McCamy Phipps, Jr. was born about 1867 in Indiana according to the 1870 and 1880 censuses. He was a son of McCamy and Sarah Ann (Turner) Phipps. The elder McCamy was born about 1830 in Indiana according to the 1860 and 1880 censuses, and according to the 1863 draft registration.
The 1860 census shows the elder McCamy Phipps living in Brown Township, Washington County, Indiana, with post office at Campbellsburg. In the 1863 Civil War draft registration he is listed as McCamy Phipps on 8 July 1863 in Brown Township. He was described as white, married, born in Indiana, and age 33.
The 1870 census shows him in the same township on 6 June 1870, where he is listed as McC. Phipps. He is listed as McCamy Phipps in the same township in the census on 2 June 1880.
McCamy Phipps, Sr. left a will in Washington County, Indiana dated 1 July 1880, according to Davis, Abstracts of Wills of Washington County, Indiana, 1971, pp. 29-30. That will was probated 5 Aug 1880.
His father is said to have been Sampson Phipps, born about 1785-1795 in Virginia, died 1840 Washington County, Indiana. McCamy might be the “McKinney” mentioned in a transcribed guardian record for Sampson.
Since the older of the two individuals named McCamy Phipps died in 1880, presumably in Washington County, the following very negative article must pertain to sons of the younger McCamy:
From the Indiana State Sentinel, Indianapolis, 10 Feb 1874, p. 3:
More Outlawry – The Ways of Evil Doers in Washington County.
(From an Occasional Correspondent of the Sentinel)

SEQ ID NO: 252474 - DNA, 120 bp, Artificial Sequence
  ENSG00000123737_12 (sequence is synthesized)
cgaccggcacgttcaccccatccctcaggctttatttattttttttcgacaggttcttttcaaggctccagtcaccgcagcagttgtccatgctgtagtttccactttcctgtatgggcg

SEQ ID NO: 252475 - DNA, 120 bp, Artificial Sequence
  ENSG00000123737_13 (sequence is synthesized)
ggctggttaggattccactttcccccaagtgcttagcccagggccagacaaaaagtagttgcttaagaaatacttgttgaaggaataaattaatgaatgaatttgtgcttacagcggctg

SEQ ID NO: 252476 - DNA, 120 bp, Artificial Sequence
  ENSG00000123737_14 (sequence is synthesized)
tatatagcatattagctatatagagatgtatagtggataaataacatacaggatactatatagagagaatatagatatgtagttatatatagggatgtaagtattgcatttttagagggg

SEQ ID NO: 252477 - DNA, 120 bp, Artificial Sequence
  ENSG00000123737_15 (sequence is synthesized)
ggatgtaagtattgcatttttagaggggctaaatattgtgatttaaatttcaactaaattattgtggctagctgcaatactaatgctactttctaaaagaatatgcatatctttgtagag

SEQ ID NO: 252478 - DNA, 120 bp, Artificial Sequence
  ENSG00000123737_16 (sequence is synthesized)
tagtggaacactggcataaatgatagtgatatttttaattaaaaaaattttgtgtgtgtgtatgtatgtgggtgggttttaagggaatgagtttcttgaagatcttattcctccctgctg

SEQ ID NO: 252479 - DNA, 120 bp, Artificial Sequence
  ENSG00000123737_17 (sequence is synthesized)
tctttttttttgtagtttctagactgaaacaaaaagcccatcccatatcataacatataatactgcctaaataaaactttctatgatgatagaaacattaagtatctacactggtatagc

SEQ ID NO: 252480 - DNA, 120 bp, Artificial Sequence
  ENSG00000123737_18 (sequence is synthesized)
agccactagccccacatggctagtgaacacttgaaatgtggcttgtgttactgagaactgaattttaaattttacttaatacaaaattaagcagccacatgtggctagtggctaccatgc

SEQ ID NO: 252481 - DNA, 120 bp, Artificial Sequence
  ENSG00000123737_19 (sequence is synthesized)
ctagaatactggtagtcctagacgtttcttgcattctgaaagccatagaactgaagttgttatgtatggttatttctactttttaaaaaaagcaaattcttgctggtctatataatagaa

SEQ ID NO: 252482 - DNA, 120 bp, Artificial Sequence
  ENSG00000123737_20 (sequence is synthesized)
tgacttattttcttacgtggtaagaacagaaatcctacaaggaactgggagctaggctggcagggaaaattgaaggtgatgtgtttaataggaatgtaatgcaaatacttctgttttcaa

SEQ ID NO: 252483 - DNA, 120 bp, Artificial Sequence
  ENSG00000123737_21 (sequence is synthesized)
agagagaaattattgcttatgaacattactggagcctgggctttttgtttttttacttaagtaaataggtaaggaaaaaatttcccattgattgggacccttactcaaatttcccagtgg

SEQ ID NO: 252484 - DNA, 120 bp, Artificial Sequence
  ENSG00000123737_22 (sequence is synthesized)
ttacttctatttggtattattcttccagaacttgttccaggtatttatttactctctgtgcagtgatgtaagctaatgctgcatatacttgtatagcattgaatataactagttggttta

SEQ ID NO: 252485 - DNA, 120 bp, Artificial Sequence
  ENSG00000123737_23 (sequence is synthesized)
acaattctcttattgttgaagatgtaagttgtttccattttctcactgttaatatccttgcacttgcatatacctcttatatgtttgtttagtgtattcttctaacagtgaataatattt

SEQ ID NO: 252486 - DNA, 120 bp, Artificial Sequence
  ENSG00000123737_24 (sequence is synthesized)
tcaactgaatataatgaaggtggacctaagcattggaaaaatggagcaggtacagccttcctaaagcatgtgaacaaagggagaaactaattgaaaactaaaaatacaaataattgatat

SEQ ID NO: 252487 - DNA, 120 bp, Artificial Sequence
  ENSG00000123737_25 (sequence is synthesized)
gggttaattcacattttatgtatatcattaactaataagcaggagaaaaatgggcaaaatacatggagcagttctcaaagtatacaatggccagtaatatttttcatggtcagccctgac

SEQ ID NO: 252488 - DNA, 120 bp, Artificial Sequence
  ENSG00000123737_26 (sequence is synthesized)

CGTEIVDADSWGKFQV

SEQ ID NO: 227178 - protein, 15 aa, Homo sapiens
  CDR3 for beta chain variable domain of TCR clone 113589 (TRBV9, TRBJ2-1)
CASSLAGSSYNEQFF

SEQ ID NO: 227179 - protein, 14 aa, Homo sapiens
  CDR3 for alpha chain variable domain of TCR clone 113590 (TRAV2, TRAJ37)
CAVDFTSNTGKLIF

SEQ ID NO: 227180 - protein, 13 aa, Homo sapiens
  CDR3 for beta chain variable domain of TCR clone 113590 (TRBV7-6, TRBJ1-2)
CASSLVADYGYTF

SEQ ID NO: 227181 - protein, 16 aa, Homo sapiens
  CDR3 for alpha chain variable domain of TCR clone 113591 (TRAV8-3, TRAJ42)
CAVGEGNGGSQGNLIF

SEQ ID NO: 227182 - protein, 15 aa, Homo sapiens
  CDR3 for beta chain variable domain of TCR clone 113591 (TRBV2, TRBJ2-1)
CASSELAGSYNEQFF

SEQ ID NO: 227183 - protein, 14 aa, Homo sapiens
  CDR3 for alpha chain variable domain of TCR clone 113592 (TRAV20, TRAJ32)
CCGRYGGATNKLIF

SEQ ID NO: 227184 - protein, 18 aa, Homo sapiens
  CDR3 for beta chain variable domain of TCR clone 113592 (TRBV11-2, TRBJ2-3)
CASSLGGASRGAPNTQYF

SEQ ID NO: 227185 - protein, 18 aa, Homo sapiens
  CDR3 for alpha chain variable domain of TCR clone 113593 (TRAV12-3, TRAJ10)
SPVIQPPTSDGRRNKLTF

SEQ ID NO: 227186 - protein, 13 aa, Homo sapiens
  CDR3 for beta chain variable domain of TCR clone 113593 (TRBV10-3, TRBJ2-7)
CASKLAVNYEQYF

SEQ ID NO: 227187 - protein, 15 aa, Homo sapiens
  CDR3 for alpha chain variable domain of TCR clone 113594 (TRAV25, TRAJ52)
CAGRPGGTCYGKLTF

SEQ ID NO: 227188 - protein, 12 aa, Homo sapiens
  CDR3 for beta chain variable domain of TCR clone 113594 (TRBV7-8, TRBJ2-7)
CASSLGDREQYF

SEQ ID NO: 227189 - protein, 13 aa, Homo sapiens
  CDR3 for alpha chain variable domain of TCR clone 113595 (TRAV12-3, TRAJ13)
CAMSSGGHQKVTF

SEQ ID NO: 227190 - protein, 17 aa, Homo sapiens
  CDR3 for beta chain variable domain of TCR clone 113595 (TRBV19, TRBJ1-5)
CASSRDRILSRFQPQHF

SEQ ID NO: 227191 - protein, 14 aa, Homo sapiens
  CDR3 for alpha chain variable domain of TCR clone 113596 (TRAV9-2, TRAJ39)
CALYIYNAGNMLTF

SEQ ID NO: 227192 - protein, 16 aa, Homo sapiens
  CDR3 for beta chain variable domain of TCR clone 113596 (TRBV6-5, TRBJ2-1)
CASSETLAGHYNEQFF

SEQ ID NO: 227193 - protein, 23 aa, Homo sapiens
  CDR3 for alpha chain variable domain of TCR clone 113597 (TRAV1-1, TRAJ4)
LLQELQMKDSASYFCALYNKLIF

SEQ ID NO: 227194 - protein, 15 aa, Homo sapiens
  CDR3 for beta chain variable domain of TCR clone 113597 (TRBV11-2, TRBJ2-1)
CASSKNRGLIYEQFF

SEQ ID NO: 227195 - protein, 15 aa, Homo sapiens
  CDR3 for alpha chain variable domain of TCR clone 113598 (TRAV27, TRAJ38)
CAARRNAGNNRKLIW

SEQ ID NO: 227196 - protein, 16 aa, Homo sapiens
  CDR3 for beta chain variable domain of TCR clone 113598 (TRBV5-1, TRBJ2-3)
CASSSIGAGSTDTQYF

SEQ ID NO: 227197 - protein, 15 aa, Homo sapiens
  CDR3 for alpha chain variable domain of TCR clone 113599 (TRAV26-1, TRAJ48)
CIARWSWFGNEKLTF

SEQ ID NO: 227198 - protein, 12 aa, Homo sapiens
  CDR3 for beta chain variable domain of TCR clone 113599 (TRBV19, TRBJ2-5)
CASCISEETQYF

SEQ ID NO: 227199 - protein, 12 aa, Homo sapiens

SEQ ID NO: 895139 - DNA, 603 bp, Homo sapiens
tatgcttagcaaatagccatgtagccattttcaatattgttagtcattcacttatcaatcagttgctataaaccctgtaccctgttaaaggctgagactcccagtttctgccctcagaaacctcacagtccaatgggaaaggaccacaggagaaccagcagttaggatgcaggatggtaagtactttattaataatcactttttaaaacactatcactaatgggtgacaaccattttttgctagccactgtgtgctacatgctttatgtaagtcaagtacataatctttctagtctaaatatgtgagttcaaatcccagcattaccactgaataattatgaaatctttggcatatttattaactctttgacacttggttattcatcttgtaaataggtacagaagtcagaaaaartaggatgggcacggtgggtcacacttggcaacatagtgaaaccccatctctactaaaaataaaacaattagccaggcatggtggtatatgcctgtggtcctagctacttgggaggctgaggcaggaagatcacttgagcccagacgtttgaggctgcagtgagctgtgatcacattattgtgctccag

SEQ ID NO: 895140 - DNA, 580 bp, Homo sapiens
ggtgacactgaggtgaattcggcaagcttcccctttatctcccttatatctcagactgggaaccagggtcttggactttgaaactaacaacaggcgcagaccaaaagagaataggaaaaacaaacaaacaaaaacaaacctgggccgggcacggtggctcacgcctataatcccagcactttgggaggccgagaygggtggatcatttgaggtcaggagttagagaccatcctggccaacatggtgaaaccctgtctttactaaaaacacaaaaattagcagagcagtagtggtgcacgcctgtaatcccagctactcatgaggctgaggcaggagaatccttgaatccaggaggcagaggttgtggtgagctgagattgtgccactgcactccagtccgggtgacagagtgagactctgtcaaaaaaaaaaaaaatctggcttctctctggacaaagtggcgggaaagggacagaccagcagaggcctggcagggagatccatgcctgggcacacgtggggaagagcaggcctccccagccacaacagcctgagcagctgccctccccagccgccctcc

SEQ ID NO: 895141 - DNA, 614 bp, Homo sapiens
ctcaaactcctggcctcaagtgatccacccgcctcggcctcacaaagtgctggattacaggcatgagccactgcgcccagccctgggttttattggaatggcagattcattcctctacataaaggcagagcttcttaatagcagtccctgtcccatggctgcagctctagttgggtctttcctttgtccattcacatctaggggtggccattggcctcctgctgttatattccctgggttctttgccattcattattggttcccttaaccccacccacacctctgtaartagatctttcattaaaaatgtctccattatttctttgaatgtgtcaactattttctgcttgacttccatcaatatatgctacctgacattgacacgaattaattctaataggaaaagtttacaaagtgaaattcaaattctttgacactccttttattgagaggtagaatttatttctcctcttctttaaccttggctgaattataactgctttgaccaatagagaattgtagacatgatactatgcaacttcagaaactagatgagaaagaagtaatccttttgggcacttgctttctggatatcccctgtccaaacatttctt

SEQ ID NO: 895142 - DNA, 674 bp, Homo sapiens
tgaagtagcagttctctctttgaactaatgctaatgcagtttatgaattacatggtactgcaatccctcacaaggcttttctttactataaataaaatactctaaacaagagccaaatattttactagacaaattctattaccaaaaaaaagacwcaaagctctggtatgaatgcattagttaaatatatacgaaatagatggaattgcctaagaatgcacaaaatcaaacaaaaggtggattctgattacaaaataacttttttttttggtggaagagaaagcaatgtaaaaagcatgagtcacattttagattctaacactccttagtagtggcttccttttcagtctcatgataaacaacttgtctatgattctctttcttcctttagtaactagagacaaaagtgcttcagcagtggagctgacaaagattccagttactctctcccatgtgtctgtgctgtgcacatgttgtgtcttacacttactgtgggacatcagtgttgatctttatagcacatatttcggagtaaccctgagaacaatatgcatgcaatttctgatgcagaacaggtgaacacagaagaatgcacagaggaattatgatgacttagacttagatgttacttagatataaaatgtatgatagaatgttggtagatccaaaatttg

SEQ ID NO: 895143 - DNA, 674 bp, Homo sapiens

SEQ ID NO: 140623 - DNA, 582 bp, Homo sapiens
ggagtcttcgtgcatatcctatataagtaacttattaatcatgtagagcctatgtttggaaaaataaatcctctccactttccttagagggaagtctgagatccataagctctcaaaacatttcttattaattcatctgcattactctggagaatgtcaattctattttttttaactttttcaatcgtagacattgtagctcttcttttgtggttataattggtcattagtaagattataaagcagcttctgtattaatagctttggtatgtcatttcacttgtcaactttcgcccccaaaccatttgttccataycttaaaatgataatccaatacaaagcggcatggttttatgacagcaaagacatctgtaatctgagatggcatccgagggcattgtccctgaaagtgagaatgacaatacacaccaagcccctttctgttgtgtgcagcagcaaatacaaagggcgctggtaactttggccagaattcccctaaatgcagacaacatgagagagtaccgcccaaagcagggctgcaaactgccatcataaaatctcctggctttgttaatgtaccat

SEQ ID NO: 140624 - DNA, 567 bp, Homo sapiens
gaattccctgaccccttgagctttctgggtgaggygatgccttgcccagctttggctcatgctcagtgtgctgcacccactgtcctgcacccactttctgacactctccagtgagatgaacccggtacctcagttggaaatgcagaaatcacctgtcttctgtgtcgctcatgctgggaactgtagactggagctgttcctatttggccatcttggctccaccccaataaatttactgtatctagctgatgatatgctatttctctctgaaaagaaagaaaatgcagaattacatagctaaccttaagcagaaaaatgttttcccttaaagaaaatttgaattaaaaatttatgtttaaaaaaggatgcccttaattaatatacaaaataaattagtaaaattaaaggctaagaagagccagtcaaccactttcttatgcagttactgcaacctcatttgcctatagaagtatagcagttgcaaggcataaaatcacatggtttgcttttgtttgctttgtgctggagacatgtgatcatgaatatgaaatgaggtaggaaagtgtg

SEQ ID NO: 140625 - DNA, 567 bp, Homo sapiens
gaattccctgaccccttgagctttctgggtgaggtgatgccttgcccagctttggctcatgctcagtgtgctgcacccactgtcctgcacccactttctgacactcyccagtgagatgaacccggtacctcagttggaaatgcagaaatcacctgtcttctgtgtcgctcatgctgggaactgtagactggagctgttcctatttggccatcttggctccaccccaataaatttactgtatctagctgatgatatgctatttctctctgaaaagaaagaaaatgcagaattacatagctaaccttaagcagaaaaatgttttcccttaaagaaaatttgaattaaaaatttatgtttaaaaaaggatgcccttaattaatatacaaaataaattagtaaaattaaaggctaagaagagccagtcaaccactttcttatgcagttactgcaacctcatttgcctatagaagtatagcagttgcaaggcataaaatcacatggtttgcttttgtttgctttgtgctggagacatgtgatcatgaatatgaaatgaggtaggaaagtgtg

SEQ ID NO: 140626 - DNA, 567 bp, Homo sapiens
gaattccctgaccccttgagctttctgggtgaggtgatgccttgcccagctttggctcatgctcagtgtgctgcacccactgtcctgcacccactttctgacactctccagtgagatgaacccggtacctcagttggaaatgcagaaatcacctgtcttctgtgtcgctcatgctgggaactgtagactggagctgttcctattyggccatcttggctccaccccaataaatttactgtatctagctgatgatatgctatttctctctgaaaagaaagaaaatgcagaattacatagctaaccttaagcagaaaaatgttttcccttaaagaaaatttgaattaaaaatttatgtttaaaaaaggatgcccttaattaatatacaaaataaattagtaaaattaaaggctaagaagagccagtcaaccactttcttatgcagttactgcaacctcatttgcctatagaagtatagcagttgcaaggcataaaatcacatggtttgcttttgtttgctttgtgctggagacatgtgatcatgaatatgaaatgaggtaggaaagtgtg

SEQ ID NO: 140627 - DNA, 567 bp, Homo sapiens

SALEM, Ind., Feb. 4 – Near Campbellsburg, in Washington county, lives one Hugh Henry and his wife, both of whom are reported not over bright – and Mrs. Henry’s reputation for chastity is also not over good – measured by report. On last Saturday night, about eight or nine o’clock, one Alonzo Neyman and two boys by the name of Phipps, (sons of McCaney Phipps a prominent citizen of this county. Neyman’s father is a practicing physician in good standing in his community) went to the house of Henry and knocked for admittance which was refused, it appears by Henry himself, whereupon they broken down the door with a rail; when; it seems, Henry got out and went to Campbellsburg, a distance of about half a mile, for assistance; he returned as soon as possible with several parties, but too late to prevent the outrage upon his wife. A brother-in-law of Henry got to the house before Henry’s return armed with a gun – and is said to have seen the Phipps boys and Neyman at or near the house. Mrs. Henry’s relation is in substance as follows: After Henry left the house they attacked her, and in the scuffle tore down a b[e]dstead, and finally dragged her from the house, when two of them held her while the other one perpetrated the horrible outrage of rape upon her person. They were arrested and taken before C. Prow, Esq., at Campbellsburg, on Monday, for examination, when they filed an affidavit for a change of venue and the case was sent to Frank Horner, a Justice of the Peace of Brown township, and the hearing set for the 13th inst. [i.e. the 13th of the same month]